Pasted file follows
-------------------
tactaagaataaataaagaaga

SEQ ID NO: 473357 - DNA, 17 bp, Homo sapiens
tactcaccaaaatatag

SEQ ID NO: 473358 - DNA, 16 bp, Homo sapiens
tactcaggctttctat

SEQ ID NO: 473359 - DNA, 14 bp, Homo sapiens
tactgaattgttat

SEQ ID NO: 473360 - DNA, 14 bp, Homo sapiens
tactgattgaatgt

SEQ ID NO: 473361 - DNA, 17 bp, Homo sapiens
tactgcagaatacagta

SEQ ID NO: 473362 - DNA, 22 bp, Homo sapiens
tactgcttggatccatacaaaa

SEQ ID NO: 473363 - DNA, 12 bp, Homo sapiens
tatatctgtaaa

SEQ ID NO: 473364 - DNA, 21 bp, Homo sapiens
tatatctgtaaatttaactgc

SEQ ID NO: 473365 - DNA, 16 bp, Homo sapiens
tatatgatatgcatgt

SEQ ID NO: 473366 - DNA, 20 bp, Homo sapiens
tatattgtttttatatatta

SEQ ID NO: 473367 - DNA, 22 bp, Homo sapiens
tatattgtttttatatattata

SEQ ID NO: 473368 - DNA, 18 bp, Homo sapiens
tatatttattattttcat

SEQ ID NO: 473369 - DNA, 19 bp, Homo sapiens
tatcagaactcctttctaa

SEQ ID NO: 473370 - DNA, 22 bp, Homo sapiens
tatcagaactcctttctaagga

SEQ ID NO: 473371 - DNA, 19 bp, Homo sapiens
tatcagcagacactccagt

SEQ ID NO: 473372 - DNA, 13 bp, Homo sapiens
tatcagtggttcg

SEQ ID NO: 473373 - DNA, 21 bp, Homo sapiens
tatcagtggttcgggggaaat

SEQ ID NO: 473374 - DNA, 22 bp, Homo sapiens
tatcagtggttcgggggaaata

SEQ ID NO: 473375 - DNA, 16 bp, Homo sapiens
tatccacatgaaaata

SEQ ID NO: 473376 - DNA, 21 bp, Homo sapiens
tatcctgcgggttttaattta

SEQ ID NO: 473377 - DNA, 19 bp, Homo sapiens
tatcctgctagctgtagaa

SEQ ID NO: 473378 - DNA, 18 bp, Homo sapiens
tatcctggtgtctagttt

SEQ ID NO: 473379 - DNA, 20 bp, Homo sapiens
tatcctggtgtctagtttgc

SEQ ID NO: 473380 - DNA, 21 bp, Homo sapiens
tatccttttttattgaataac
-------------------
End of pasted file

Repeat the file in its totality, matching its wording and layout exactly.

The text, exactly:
tactaagaataaataaagaaga

SEQ ID NO: 473357 - DNA, 17 bp, Homo sapiens
tactcaccaaaatatag

SEQ ID NO: 473358 - DNA, 16 bp, Homo sapiens
tactcaggctttctat

SEQ ID NO: 473359 - DNA, 14 bp, Homo sapiens
tactgaattgttat

SEQ ID NO: 473360 - DNA, 14 bp, Homo sapiens
tactgattgaatgt

SEQ ID NO: 473361 - DNA, 17 bp, Homo sapiens
tactgcagaatacagta

SEQ ID NO: 473362 - DNA, 22 bp, Homo sapiens
tactgcttggatccatacaaaa

SEQ ID NO: 473363 - DNA, 12 bp, Homo sapiens
tatatctgtaaa

SEQ ID NO: 473364 - DNA, 21 bp, Homo sapiens
tatatctgtaaatttaactgc

SEQ ID NO: 473365 - DNA, 16 bp, Homo sapiens
tatatgatatgcatgt

SEQ ID NO: 473366 - DNA, 20 bp, Homo sapiens
tatattgtttttatatatta

SEQ ID NO: 473367 - DNA, 22 bp, Homo sapiens
tatattgtttttatatattata

SEQ ID NO: 473368 - DNA, 18 bp, Homo sapiens
tatatttattattttcat

SEQ ID NO: 473369 - DNA, 19 bp, Homo sapiens
tatcagaactcctttctaa

SEQ ID NO: 473370 - DNA, 22 bp, Homo sapiens
tatcagaactcctttctaagga

SEQ ID NO: 473371 - DNA, 19 bp, Homo sapiens
tatcagcagacactccagt

SEQ ID NO: 473372 - DNA, 13 bp, Homo sapiens
tatcagtggttcg

SEQ ID NO: 473373 - DNA, 21 bp, Homo sapiens
tatcagtggttcgggggaaat

SEQ ID NO: 473374 - DNA, 22 bp, Homo sapiens
tatcagtggttcgggggaaata

SEQ ID NO: 473375 - DNA, 16 bp, Homo sapiens
tatccacatgaaaata

SEQ ID NO: 473376 - DNA, 21 bp, Homo sapiens
tatcctgcgggttttaattta

SEQ ID NO: 473377 - DNA, 19 bp, Homo sapiens
tatcctgctagctgtagaa

SEQ ID NO: 473378 - DNA, 18 bp, Homo sapiens
tatcctggtgtctagttt

SEQ ID NO: 473379 - DNA, 20 bp, Homo sapiens
tatcctggtgtctagtttgc

SEQ ID NO: 473380 - DNA, 21 bp, Homo sapiens
tatccttttttattgaataac